Choral and Vocal
NOBLE BRAHMS REQUIEM PERFORMANCE CLOSES SONOMA BACH'S SEASON
by Pamela Hicks Gailey
Saturday, June 01, 2019
Sonoma Bach, conducted by Robert Worth, presented a truly grand finale to their 2018-19 "Light Out of Darkness" season in two sold out Schroeder Hall performances June 1 and 2. The program "A Human Requiem" was received rapturously with a well-deserved standing ovation for the main work, Brahms' ...
THREE SONG CYCLES HIGHLIGHT VIBRANT SLV RECITAL
by Pamela Hicks-Gailey
Wednesday, May 08, 2019
An ambitious recital of vocal and piano music was presented May 8 at Santa Rosa’s Spring Lake Village by mezzo-soprano Kindra Scharich and pianist Jeffrey LaDeur. The duo engaged the enthusiastic audience with scholarly friendliness and artistry in performances of Beethoven's short cycle of six song...
ALEXANDER TORADZE DELIVERS A LESSON IN SERENITY
by Steve Osborn
Sunday, May 05, 2019
An entire concerto movement consisting of serene piano melodies over a soothing backdrop is probably not the first thing that springs to mind when seeing Shostakovich’s name on an orchestra program, but that’s exactly what pianist Alexander Toradze delivered--twice--at Sunday’s Santa Rosa Symphony c...
MARIN SYMPHONY SEASON CLOSES WITH AUTUMNAL ELGAR AND THEATRICAL BEETHOVEN
by Abby Wasserman
Sunday, April 28, 2019
Mozart’s enchanting Overture to his opera The Magic Flute, a miniature tapestry of gems from the 1791 work, opened the Marin Symphony’s final concert of the 2018-2019 season. Under conductor Alasdair Neale, the playing of the sprightly seven-minute piece by a reduced-size classical ensemble sparkled...
SHAHAM-EGUCHI DUO'S EXCITING MUSICAL GENEROSITY IN WEILL
by Abby Wasserman
Friday, April 26, 2019
Violinist Gil Shaham may be the most modest virtuoso on the concert stage today, and it is the great music he most wishes to put forward, never himself. Generosity, a quality he is known for, was abundantly clear in Weill Hall April 26 when he performed, with pianist Akira Eguchi, a generous program...
GLITTERING PIANISM IN LI'S OAKMONT RECITAL
by Terry McNeill
Thursday, April 11, 2019
Piano prodigies have always been a fascination for the music public, and the greatest of them (some were Mozart, Mendelssohn, Liszt, Saint Saëns, Hofmann) went on to legendary fame. George Li, who made is local debut at a Music at Oakmont recital April 11, was a remarkable recent keyboard prodigy t...
SO CO PHIL'S SEASON CLOSER WITH EXPANSIVE PROKOFIEV 5TH IN JACKSON
by Terry McNeill
Sunday, April 07, 2019
Closing their 20th season with their usual programming aplomb, the Sonoma County Philharmonic played a provocative set of concerts April 6 and 7 in the Jackson Theater, the Orchestra’s new home at the Sonoma Country Day School by the Sonoma County Airport.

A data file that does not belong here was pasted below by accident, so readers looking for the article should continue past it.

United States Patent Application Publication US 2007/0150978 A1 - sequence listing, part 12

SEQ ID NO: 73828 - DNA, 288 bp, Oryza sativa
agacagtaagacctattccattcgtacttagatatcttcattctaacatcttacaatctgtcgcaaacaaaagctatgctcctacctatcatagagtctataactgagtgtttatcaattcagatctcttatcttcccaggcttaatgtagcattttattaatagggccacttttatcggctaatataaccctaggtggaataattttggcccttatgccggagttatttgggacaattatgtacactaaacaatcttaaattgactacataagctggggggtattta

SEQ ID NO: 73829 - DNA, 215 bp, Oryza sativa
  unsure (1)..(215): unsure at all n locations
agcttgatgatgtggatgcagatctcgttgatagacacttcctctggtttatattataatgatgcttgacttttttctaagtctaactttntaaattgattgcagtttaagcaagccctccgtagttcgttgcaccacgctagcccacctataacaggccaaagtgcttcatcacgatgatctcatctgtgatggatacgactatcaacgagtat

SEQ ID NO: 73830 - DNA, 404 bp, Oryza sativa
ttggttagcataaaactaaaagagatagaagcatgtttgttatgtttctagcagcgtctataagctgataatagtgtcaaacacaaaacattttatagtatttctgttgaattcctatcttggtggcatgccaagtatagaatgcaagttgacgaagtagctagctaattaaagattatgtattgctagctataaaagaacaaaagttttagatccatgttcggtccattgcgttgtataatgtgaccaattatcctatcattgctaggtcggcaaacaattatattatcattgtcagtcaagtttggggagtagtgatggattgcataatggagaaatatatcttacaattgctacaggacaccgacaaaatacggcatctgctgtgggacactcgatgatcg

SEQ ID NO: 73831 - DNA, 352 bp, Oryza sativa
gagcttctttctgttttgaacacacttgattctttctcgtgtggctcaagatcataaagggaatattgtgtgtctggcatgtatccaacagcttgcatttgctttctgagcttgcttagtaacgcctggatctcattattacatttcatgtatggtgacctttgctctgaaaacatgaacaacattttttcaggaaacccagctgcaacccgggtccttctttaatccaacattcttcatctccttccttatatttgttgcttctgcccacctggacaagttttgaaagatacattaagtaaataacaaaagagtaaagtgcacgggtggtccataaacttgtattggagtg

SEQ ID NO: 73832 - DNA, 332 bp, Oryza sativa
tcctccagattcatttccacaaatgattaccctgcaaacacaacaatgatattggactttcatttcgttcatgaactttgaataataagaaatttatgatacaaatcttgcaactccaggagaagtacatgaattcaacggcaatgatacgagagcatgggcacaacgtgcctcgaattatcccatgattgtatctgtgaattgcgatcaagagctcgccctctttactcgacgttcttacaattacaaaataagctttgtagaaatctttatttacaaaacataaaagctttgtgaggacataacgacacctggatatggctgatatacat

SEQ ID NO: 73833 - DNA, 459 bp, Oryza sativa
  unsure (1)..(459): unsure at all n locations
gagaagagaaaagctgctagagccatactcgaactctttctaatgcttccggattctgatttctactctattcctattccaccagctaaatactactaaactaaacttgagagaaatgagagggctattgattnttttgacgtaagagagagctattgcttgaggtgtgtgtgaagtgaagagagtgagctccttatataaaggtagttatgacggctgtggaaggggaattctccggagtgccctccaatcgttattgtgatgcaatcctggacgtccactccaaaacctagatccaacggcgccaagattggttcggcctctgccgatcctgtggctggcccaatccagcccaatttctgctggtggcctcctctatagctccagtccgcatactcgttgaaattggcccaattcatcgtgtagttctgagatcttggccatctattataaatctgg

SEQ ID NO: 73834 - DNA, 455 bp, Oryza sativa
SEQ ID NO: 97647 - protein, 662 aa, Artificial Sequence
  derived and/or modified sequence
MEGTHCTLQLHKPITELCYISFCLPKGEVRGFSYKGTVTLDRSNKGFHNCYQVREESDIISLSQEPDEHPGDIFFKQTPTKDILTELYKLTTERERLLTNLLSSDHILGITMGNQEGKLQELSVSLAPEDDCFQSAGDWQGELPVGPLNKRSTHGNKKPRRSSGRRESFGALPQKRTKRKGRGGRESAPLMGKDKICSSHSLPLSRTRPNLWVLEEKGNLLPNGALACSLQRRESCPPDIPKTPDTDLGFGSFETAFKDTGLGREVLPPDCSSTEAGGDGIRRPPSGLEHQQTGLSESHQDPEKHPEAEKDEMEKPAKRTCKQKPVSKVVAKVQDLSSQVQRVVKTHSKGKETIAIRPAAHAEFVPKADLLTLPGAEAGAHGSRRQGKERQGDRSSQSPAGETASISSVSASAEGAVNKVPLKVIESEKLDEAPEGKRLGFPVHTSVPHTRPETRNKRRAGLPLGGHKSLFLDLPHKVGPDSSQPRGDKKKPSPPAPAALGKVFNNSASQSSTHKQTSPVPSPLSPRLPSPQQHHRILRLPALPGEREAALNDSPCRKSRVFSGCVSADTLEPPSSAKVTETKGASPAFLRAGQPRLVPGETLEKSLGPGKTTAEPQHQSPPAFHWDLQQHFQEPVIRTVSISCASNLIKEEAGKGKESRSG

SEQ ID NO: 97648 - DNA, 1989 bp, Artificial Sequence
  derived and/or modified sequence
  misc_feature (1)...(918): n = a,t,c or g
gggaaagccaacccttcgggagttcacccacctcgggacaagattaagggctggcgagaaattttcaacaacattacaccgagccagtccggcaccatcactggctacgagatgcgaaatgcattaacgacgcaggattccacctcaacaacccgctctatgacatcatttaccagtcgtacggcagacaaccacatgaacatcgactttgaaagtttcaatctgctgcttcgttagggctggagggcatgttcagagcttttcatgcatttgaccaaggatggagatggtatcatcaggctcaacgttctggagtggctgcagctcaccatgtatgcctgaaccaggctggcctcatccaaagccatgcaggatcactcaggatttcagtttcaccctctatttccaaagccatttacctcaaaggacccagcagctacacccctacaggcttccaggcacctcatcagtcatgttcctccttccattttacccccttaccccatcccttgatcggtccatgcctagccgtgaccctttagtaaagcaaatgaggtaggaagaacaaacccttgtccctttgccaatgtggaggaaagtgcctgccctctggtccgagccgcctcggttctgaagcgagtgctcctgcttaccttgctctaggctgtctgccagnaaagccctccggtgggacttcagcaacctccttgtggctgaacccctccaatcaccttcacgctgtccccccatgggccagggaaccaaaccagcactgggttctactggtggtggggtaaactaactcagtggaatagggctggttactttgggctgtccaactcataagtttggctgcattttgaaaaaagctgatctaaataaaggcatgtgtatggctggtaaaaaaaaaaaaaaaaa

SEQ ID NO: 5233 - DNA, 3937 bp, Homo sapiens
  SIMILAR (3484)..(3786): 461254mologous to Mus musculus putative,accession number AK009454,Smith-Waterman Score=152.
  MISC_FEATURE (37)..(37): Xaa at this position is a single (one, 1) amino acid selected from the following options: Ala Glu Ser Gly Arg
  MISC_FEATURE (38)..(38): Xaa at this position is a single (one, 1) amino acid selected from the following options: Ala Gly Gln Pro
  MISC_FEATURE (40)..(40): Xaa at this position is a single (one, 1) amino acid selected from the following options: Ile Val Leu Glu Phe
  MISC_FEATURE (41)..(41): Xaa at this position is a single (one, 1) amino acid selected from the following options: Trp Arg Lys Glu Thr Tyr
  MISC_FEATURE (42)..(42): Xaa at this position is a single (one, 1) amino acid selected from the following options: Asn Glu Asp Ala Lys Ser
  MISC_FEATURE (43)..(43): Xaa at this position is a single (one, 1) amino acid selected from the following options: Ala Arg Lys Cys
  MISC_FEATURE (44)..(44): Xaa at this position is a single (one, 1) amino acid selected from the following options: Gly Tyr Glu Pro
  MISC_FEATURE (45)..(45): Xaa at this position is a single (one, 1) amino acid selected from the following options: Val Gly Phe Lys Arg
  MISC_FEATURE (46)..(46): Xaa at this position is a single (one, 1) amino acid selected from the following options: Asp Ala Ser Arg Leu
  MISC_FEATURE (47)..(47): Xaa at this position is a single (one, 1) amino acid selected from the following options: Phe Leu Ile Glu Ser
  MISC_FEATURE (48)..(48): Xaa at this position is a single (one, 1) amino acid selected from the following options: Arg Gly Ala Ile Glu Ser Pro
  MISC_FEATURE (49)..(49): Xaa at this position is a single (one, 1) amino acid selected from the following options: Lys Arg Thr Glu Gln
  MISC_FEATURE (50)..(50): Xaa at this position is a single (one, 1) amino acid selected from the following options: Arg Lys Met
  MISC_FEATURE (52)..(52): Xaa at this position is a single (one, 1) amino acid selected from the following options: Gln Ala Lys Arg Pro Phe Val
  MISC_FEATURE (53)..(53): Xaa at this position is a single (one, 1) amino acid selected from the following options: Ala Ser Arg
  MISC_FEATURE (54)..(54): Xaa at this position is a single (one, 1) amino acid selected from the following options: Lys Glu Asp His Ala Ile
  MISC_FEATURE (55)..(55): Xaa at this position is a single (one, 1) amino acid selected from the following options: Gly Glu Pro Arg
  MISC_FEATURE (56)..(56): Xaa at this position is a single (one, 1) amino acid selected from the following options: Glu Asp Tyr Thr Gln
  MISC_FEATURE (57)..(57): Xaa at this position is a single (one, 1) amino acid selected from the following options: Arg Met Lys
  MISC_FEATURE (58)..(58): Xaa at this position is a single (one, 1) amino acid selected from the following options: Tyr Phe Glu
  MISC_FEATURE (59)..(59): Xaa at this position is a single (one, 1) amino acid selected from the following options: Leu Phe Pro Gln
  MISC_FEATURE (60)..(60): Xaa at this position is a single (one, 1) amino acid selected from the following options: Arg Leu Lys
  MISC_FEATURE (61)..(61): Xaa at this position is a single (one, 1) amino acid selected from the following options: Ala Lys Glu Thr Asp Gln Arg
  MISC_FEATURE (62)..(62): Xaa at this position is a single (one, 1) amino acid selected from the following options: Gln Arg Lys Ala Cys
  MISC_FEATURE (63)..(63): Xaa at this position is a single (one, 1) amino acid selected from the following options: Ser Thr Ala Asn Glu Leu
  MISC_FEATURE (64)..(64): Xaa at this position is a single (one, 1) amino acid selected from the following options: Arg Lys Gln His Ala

Local composer Nolan Gasser’s Sonoma Overt...
Choral and Vocal
SISTINE CHAPEL INSPIRATION FOR THE TALLIS SCHOLARS IN WEILL HALL
by Sonia Morse Tubridy
Friday, April 05, 2019
Returning to Weill Hall April 5 after a seven year absence, the ten singers of the Tallis Scholars brought the sacred choral tradition of Palestrina and his contemporaries to an audience of delighted music lovers. Under the direction of Peter Phillips, the 1973 founder of the group, the program was...
AUTUMNAL SIBELIUS 7TH HIGHLIGHTS VSO'S SEASON CLOSING CONCERT
by Terry McNeill
Sunday, March 31, 2019
Closing their 87th Season March 30 and 31 the Vallejo Symphony has moved from a single weekend concert to a set of two, and the late March response was two full houses in the charming downtown Vallejo Empress Theater.
Conductor Marc Taddei opened the Sunday program with a rousing performance of B...
SHARED INSTRUMENTAL BEAUTY IN VIEAUX-MEYERS WEILL HALL CONCERT
by Abby Wasserman
Saturday, March 30, 2019
Exciting timbral sound and intricate counterpoint, made possible when two artists with complementary instruments play together, were richly explored by violinist Anne Akiko Meyers and guitarist Jason Vieaux March 30 in Weill Hall. Whether in close harmony, or unison, or weaving separate melodies to...
Violinist Elizabeth Blumenstock
BOUNDLESS BAROQUE ARTISTRY IN LIVE OAK SCHROEDER HALL CONCERT
by Joanna Bramel Young
Sunday, October 19, 2014
On October 19 the Live Oak Baroque Orchestra, directed by baroque violinist Elizabeth Blumenstock, appeared in the first of several concerts it is to present at Schroeder Hall in Sonoma State University’s Green Music Center. The new 250-seat recital space is the perfect venue for chamber music, which requires a certain intimacy between performers and audience.
In an informal half-hour pre-concert presentation the performers discussed the 17th and 18th century “duels” among various baroque composers on the program. Viola da gambist Mary Springfels described 17th century Dresden, capital of Saxony, as a magnet for musicians and composers from all over Europe wishing to compete for the court’s favor, as well as for wider recognition. While Bach was the most celebrated of these, noted violinists Georg Pisendel (1687-1755) and Francesco Maria Veracini (1690-1768), as well as French organist Louis Marchand (1699-1732), were among those who sought fame in Dresden during this period. Four of the “Dresden duelists” were represented in this program: Veracini and Pisendel, and Marchand and Bach, although Bach was in a sense standing in for Jean Baptiste Volumier, concertmaster of the Dresden court orchestra. As the concert’s program notes tell it, Pisendel resented Veracini’s appearance and rapid rise in Dresden, and so he challenged the Italian to play an exceptionally difficult violin passage he had composed. Following Veracini’s awkward attempt, Pisendel summoned forth the last chair second violinist, whom he had secretly coached to master the piece. The violinist’s graceful handling of it so humiliated Veracini that he left town and returned to Italy.